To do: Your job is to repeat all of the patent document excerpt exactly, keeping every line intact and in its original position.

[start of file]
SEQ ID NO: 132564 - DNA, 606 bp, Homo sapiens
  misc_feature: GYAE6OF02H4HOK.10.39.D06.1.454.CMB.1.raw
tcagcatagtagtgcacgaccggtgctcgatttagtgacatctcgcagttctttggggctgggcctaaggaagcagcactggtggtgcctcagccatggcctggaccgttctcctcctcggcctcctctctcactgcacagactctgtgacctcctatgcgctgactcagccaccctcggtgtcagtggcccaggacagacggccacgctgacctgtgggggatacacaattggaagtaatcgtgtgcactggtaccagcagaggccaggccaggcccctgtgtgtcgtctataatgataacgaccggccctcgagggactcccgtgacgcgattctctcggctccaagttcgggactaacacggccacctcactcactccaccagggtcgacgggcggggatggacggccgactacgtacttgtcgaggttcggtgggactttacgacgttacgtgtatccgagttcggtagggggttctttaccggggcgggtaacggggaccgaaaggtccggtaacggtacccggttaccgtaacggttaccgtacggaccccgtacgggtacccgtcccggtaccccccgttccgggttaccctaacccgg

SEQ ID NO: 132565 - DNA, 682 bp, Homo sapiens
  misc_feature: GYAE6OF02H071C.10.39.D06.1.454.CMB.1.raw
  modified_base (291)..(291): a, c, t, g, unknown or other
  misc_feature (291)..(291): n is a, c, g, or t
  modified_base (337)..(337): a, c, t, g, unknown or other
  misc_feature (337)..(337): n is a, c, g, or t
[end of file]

SEQ ID NO: 132564 - DNA, 606 bp, Homo sapiens
  misc_feature: GYAE6OF02H4HOK.10.39.D06.1.454.CMB.1.raw
tcagcatagtagtgcacgaccggtgctcgatttagtgacatctcgcagttctttggggctgggcctaaggaagcagcactggtggtgcctcagccatggcctggaccgttctcctcctcggcctcctctctcactgcacagactctgtgacctcctatgcgctgactcagccaccctcggtgtcagtggcccaggacagacggccacgctgacctgtgggggatacacaattggaagtaatcgtgtgcactggtaccagcagaggccaggccaggcccctgtgtgtcgtctataatgataacgaccggccctcgagggactcccgtgacgcgattctctcggctccaagttcgggactaacacggccacctcactcactccaccagggtcgacgggcggggatggacggccgactacgtacttgtcgaggttcggtgggactttacgacgttacgtgtatccgagttcggtagggggttctttaccggggcgggtaacggggaccgaaaggtccggtaacggtacccggttaccgtaacggttaccgtacggaccccgtacgggtacccgtcccggtaccccccgttccgggttaccctaacccgg

SEQ ID NO: 132565 - DNA, 682 bp, Homo sapiens
  misc_feature: GYAE6OF02H071C.10.39.D06.1.454.CMB.1.raw
  modified_base (291)..(291): a, c, t, g, unknown or other
  misc_feature (291)..(291): n is a, c, g, or t
  modified_base (337)..(337): a, c, t, g, unknown or other
  misc_feature (337)..(337): n is a, c, g, or t